Bottom-Up Compromise

“Bottom-Up” means to look at the mechanics of something first and potentially tweak things to match the setting. An inventor’s construct could easily be flavored as a golem or even mechanical outsider. The Guns & Gears playtest allows the gunslinger to work with a crossbow. Heck, the chassis of a gunslinger could very well be used to make an Iaijutsu-style samurai who wants to strike for tons of damage at the start of a fight but is more martial than a rogue. You might cringe when a player brings up a class you don’t think will fit your setting, but hold back your expression and engage your player until you understand what it is about the class they enjoy. There’s a good chance that what you consider a problematic element isn’t something that interests the player in the slightest; They very well might just enjoy the mechanics of a game element, which should resolve most of your issues incorporating it into your campaign!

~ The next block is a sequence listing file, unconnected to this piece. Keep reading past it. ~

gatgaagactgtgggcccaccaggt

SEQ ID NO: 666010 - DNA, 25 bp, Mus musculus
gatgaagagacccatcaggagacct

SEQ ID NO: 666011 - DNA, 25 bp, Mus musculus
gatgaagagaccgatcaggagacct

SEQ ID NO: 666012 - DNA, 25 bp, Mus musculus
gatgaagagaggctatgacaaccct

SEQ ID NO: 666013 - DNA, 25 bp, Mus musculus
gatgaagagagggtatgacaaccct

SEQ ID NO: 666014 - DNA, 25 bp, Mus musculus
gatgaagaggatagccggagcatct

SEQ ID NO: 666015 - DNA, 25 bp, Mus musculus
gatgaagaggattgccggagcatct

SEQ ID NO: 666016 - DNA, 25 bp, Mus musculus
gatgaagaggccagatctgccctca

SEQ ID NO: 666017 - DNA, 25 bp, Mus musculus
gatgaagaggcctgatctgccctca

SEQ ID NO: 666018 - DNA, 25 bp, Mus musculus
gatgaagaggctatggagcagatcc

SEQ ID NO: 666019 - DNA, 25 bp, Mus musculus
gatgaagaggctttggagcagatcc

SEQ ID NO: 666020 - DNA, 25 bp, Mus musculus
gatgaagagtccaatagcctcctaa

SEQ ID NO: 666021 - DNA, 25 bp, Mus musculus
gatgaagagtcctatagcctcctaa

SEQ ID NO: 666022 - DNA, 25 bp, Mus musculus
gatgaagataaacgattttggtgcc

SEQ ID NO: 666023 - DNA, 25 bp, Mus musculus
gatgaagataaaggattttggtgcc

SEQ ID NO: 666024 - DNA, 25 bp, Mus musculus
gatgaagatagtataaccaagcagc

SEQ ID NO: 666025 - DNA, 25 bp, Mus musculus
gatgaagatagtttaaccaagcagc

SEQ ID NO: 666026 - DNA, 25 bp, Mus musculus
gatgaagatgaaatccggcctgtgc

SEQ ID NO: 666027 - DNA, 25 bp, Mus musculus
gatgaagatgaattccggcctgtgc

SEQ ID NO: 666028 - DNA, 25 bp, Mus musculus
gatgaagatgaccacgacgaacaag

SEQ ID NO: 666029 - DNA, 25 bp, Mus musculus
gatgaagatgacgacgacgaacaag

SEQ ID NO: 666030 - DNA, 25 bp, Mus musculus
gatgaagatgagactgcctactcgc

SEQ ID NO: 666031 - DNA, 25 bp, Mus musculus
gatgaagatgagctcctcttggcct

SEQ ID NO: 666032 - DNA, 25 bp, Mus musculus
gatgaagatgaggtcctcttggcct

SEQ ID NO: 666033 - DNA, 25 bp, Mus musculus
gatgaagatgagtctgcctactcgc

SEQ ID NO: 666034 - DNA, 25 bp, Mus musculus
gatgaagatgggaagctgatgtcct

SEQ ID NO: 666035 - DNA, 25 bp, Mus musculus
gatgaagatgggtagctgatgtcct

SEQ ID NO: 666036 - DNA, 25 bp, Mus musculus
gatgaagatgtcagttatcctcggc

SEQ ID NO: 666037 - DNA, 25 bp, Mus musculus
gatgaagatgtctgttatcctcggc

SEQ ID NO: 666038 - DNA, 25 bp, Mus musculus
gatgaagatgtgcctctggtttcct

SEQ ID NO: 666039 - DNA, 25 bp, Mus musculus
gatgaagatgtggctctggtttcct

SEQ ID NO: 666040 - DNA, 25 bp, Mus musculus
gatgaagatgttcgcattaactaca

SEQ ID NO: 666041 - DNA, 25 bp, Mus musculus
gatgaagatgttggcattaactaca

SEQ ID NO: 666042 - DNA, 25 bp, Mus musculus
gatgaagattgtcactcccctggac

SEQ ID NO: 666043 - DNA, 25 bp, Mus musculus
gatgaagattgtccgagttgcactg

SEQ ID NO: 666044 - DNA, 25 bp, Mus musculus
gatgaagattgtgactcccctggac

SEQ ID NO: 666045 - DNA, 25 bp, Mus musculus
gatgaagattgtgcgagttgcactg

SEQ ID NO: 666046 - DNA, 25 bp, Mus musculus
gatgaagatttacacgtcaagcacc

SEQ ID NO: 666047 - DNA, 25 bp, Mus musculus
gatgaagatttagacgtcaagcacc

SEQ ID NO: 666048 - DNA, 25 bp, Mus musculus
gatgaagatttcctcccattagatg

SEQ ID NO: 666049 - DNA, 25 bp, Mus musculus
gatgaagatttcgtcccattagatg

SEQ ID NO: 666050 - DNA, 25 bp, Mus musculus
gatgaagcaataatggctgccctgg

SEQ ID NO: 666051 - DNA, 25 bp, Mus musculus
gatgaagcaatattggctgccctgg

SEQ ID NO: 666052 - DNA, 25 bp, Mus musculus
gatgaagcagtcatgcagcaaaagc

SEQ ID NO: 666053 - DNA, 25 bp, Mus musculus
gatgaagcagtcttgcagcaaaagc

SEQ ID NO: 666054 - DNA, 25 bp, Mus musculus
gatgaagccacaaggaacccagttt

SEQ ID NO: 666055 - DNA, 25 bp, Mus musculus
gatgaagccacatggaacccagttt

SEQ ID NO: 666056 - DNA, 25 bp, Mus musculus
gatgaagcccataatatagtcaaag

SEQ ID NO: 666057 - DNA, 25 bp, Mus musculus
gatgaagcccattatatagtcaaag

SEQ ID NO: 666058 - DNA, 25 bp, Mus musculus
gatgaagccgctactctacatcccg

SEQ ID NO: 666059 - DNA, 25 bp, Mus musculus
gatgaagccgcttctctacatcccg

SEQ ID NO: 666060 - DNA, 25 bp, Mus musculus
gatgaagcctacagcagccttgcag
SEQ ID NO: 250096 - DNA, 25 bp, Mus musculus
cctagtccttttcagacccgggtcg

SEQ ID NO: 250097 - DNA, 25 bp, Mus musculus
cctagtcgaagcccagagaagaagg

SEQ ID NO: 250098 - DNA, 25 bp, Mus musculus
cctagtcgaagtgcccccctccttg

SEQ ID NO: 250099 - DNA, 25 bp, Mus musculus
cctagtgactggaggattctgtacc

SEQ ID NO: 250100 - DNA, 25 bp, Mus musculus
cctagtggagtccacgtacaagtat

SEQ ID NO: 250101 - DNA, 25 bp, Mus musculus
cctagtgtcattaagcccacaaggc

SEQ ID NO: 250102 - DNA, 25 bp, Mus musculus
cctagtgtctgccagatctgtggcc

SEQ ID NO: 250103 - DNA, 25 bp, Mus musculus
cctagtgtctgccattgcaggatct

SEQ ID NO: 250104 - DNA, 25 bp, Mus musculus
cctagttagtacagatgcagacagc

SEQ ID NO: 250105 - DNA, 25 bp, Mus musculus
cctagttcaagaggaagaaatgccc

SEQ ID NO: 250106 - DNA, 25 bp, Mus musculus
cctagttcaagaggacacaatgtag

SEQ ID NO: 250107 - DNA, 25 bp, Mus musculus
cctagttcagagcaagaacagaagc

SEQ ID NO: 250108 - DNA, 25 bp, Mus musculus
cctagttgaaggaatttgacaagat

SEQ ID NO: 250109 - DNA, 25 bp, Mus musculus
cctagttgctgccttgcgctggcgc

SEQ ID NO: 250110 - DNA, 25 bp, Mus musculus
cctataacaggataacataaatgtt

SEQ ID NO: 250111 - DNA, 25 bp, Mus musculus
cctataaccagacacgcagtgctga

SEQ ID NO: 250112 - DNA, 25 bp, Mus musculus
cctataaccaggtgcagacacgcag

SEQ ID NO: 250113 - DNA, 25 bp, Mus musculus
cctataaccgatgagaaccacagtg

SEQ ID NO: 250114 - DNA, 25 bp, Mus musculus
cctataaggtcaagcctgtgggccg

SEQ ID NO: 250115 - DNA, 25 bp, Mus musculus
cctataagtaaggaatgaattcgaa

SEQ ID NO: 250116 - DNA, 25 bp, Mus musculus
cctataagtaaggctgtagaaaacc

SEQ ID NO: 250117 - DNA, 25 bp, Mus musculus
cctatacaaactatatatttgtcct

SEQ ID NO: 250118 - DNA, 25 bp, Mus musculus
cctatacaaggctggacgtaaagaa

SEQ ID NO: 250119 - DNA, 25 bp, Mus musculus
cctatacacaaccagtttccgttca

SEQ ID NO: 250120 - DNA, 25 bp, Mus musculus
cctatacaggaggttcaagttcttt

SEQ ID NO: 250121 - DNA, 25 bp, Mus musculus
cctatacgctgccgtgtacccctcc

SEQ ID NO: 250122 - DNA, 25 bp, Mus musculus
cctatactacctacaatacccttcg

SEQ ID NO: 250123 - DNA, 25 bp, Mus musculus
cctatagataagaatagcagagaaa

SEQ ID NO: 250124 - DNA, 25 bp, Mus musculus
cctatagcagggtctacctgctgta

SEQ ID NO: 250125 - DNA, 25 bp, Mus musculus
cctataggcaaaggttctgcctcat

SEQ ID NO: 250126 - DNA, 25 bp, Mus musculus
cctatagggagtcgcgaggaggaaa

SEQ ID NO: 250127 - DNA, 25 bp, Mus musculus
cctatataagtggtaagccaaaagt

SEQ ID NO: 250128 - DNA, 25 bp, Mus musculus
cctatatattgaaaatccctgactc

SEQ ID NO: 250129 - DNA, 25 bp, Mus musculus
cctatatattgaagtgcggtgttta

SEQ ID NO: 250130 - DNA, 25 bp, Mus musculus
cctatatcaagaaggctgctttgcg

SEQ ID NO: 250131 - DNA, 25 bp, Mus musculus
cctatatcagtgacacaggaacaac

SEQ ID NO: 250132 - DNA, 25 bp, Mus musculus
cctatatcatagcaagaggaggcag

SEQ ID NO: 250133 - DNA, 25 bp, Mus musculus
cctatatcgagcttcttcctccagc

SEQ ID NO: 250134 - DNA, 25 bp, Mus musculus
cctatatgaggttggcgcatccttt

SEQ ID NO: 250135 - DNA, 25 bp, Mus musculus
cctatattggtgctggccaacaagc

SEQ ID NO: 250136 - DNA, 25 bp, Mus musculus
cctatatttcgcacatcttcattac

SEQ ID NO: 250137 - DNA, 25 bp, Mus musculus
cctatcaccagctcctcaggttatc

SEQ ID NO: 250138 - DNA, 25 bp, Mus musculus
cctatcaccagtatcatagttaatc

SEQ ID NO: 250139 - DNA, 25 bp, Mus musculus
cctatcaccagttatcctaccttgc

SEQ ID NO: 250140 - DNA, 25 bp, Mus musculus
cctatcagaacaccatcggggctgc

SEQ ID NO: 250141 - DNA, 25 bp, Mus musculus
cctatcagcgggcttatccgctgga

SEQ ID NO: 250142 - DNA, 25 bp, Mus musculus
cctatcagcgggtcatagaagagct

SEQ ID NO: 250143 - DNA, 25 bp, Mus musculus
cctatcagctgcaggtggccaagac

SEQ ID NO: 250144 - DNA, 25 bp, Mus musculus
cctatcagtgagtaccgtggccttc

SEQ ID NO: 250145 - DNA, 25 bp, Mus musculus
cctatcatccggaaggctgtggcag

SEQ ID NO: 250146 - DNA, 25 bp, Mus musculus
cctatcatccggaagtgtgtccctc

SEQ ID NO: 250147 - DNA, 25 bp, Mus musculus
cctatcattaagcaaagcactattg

Dustin Knight

Dustin has been playing and improving on RPGs since AD&D in 1999. He ran games and conventions around California while studying Graphic Design, Philosophy, English & Architecture. After developing a tabletop game seminar he began working freelance for Alderac Entertainment Games. During his stint on the East Coast, he became a Venture Lieutenant and began reviewing Pathfinder mechanics for Organized Play. After moving to Washington in 2019, he met Alex Augunas at Paizocon and developed, designed and wrote for Everybody Games LLC, starting with the Feat Cards for Everbody and Files for Everbody lines. His lifelong dream is to see more people having fun using his content.